The False One eBook

This eBook from the Gutenberg Project consists of approximately 84 pages of information about The False One.

  2 Sol. He was not wont
  To let poor Souldiers that have spent their Fortunes,
  Their Bloods, and limbs, walk up and down like vagabonds.

  Sep. Save ye good Souldiers:  good poor men, heaven help ye: 
  You have born the brunt of war, and shew the story,

  1 Sol. Some new commander sure.

  Sep. You look (my good friends)
  By your thin faces, as you would be Suitors.

  2 Sol. To Caesar, for our means, Sir.

  Sep. And ’tis fit Sir.

  3 Sol. We are poor men, and long forgot.

Sep. I grieve for it:  Good Souldiers should have good rewards, and favours, I’le give up your petitions, for I pity ye, And freely speak to Caesar.

  All.  O we honour ye.

  1 Sol. A good man sure ye are:  the Gods preserve ye.

  Sep. And to relieve your wants the while, hold Soldiers,
  Nay ’tis no dream:  ’tis good gold:  take it freely,
  ’Twill keep ye in good heart.

  2 Sol. Now goodness quit ye.

  Sep. I’le be a friend to your afflictions,
  And eat, and drink with ye too, and we’l be merry: 
  And every day I’le see ye.

  1 Sol. You are a Souldier,
  And one sent from the Gods, I think.

  Sep. I’le cloth ye,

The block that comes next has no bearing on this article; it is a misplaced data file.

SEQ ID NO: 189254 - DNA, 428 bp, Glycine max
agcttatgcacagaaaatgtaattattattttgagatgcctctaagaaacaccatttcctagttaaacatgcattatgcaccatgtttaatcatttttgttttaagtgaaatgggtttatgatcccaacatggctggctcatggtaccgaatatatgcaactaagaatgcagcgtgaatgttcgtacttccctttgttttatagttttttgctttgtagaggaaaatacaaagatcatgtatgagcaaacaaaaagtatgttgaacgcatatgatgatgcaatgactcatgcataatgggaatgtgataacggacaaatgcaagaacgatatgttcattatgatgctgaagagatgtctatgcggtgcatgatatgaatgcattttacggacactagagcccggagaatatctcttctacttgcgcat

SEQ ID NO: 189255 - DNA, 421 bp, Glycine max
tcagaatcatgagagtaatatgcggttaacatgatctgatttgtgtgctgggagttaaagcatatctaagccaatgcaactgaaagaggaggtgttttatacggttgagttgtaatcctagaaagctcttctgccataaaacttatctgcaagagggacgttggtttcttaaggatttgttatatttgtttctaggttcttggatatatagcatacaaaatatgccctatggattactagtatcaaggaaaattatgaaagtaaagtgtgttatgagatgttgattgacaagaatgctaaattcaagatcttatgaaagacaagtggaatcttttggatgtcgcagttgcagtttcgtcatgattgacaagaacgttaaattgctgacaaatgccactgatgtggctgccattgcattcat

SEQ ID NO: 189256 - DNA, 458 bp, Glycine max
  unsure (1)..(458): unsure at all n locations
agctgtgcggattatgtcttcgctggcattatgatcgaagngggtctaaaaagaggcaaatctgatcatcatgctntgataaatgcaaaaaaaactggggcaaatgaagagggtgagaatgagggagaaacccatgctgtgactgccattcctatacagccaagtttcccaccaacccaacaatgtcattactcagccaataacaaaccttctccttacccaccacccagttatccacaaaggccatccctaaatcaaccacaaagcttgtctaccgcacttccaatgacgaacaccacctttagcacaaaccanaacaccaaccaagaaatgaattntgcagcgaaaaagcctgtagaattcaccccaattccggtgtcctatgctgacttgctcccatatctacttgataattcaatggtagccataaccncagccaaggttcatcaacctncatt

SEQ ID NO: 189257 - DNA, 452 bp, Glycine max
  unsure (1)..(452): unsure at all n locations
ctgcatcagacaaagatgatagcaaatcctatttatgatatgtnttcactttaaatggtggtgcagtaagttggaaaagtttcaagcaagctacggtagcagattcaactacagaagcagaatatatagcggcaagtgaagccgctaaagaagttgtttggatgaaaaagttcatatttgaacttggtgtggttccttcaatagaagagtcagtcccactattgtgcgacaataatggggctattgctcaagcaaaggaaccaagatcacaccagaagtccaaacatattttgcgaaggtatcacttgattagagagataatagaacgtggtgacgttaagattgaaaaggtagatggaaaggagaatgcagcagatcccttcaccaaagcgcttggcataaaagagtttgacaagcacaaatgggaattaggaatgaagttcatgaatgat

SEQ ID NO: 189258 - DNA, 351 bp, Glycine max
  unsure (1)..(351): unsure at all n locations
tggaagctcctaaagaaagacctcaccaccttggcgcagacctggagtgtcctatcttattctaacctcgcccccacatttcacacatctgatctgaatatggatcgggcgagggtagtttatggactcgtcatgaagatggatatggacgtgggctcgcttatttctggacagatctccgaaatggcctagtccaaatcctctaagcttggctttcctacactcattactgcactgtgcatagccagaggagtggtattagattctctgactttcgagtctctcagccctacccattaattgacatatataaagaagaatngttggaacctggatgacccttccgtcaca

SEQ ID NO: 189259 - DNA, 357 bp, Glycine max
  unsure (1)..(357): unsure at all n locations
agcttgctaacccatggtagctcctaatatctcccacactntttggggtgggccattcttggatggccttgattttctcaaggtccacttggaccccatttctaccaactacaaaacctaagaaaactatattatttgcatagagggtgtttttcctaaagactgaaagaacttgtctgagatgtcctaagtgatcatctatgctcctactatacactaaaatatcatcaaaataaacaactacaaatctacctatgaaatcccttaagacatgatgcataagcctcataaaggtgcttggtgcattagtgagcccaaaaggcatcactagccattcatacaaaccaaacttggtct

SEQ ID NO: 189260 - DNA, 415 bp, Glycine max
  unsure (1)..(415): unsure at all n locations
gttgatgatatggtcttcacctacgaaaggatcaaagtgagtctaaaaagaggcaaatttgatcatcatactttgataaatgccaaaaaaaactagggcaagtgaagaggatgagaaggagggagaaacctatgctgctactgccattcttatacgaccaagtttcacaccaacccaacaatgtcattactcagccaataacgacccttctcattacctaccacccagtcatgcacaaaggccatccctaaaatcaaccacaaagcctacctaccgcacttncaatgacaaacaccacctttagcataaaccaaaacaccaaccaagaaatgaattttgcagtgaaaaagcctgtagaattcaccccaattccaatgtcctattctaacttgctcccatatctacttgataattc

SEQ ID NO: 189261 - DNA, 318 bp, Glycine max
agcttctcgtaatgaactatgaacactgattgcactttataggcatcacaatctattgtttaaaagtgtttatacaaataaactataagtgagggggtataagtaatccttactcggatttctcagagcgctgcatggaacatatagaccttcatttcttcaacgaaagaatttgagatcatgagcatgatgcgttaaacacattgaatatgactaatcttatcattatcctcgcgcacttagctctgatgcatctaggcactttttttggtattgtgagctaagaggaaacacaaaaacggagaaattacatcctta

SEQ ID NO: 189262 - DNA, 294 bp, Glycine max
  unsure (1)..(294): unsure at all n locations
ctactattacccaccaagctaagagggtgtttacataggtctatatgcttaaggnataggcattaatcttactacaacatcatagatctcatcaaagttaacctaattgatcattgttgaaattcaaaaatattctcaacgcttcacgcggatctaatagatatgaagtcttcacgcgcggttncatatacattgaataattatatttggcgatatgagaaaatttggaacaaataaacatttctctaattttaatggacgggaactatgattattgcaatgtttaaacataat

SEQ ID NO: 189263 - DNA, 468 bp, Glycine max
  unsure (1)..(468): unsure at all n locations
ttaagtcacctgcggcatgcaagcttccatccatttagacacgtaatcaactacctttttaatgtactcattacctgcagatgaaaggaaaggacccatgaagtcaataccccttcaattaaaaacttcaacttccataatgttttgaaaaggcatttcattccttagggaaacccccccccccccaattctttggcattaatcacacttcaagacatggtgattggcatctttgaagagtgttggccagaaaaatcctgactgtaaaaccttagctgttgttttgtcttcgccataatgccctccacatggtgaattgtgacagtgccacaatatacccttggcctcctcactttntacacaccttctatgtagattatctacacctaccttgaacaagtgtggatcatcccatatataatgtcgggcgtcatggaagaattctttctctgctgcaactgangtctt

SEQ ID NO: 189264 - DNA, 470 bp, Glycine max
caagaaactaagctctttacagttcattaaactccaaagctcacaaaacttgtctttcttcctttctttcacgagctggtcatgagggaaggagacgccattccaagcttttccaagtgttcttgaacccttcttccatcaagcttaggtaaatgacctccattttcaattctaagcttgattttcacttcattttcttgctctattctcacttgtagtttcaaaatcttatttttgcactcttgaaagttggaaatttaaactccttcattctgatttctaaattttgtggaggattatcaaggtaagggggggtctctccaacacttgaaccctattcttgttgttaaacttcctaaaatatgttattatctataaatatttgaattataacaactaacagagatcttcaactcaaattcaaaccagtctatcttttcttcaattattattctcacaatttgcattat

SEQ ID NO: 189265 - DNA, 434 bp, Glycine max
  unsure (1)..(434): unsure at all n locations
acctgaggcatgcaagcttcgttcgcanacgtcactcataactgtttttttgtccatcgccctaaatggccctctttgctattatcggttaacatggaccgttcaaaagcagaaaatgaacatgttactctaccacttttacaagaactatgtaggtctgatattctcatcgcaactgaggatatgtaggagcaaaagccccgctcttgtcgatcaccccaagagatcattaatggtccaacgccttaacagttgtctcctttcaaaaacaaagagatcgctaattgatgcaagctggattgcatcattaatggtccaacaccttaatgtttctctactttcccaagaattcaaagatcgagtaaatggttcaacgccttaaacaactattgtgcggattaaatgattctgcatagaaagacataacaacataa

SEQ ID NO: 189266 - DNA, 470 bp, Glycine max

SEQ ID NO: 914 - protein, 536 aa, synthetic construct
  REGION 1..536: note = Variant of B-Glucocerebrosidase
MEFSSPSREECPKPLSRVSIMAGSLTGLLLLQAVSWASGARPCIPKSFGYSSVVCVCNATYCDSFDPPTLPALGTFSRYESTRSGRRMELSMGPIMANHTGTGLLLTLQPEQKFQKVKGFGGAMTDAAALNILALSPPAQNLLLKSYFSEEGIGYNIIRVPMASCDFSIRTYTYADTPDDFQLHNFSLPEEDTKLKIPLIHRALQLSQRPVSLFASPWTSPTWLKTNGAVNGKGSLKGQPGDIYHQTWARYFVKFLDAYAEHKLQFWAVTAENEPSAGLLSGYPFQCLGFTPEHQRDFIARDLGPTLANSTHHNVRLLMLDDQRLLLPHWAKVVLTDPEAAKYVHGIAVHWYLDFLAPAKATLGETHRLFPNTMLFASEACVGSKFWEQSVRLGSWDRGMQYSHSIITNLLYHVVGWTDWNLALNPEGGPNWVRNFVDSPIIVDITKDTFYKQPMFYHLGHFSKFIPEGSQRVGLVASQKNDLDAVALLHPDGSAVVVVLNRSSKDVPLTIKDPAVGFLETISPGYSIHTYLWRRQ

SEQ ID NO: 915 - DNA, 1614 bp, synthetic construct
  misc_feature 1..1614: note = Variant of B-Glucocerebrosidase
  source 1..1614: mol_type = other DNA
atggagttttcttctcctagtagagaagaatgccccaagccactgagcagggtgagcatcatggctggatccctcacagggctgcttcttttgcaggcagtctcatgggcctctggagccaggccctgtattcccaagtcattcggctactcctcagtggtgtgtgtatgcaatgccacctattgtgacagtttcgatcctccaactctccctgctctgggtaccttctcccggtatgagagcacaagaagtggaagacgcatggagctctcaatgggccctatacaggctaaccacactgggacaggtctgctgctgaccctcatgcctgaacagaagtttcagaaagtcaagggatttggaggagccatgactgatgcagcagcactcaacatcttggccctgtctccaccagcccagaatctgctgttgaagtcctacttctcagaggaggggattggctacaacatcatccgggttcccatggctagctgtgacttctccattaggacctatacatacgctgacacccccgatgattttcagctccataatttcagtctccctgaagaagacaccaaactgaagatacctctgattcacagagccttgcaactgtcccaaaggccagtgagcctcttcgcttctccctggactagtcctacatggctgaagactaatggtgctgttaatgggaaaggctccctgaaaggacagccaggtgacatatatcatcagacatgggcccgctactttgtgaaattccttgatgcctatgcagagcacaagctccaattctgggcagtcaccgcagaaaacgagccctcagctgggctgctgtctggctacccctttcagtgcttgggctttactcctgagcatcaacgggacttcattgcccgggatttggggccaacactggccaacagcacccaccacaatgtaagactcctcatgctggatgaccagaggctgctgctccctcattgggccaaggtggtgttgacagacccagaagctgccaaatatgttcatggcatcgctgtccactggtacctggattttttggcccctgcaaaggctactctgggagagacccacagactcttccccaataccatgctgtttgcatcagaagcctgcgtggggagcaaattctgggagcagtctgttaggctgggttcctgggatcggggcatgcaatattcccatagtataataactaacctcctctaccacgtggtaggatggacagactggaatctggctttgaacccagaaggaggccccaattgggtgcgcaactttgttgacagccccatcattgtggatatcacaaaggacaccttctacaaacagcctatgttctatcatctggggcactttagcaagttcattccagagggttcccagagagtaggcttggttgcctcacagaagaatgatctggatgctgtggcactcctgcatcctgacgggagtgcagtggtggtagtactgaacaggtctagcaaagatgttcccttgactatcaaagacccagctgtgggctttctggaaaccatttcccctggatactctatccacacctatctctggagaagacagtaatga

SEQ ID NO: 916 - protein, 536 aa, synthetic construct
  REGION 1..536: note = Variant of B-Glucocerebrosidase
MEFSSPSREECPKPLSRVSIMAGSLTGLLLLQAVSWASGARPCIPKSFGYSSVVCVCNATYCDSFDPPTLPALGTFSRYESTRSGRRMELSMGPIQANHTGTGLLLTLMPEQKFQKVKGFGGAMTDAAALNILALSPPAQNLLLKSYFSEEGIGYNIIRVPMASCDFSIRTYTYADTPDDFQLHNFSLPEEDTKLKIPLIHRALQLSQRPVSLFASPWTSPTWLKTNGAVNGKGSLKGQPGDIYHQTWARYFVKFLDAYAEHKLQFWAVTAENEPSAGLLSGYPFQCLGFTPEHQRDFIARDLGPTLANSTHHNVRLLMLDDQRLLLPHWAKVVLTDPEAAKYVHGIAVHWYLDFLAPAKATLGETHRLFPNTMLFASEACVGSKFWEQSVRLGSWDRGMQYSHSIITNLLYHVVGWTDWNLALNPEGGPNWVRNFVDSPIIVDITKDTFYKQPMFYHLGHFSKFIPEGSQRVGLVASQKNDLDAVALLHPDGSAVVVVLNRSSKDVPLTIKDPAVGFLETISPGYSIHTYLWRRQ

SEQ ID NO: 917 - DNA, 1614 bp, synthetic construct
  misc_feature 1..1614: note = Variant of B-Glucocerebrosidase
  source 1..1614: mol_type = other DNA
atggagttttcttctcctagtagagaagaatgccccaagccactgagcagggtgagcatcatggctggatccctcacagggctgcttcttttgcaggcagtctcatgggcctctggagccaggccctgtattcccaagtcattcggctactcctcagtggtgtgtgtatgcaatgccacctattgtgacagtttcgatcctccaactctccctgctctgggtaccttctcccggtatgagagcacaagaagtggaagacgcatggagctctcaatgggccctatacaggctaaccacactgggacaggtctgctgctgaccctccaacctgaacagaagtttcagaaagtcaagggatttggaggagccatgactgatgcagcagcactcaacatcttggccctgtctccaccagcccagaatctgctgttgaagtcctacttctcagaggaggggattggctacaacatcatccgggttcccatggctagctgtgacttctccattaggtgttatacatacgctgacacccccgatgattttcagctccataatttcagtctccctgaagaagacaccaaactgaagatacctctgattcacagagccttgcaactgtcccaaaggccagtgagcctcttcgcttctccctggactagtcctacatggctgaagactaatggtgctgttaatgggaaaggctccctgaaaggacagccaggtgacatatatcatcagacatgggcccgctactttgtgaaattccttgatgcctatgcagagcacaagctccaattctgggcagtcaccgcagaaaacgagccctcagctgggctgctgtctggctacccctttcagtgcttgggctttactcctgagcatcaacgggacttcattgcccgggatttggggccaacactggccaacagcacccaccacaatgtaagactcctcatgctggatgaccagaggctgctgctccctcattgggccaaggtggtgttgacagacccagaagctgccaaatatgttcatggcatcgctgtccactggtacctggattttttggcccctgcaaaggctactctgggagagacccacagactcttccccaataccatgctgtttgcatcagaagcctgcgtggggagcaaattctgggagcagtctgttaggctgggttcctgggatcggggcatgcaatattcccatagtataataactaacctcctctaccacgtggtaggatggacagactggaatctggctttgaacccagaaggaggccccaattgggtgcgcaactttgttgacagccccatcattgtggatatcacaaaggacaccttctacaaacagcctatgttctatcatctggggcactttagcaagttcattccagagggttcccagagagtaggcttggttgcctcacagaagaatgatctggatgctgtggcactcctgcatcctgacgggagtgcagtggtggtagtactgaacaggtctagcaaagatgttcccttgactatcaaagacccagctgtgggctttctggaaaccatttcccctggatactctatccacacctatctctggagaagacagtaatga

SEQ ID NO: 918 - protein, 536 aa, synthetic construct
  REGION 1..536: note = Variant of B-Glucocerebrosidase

Ye are lame, and then provide good lodging for ye: 
  And at my Table, where no want shall meet ye.

    Enter Sceva.

  All.  Was never such a man.

  1 Sold. Dear honour’d Sir,
  Let us but know your name, that we may worship ye.

  2 Sold. That we may ever thank.

  Sep. Why, call me any thing,
  No matter for my name, that may betray me.

  Sce. A cunning thief, call him Septimius, Souldiers,
  The villain that kill’d Pompey.

  All.  How?

  Sce. Call him the shame of men. [Exit.

1 Sold. O that this mony Were weight enough to break thy brains out:  fling all:  And fling our curses next:  let them be mortal, Out bloody wolf, dost thou come guilded over, And painted with thy charitie, to poyson us?
2 Sold. I know him now:  may never Father own thee, But as a monstrous birth shun thy base memory:  And if thou hadst a Mother (as I cannot Believe thou wert a natural Burden) let her womb Be curs’d of women for a bed of vipers.
3 Sol. Me thinks the ground shakes to devour this rascal, And the kind air turns into foggs and vapours, Infectious mists, to crown his villanies.  Thou maist go wander, like a thing heaven hated.
1 Sold. And valiant minds hold poysonous to remember.  The Hangman will not keep thee company, He has an honourable house to thine, No, not a thief though thou couldst save his life for’t Will eat thy bread, nor one, for thirst starv’d, drink with thee.

  2 Sol. Thou art no company for an honest dog,
  And so we’l leave thee to a ditch (thy destiny.) [Exeunt.

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The False One from Project Gutenberg. Public domain.
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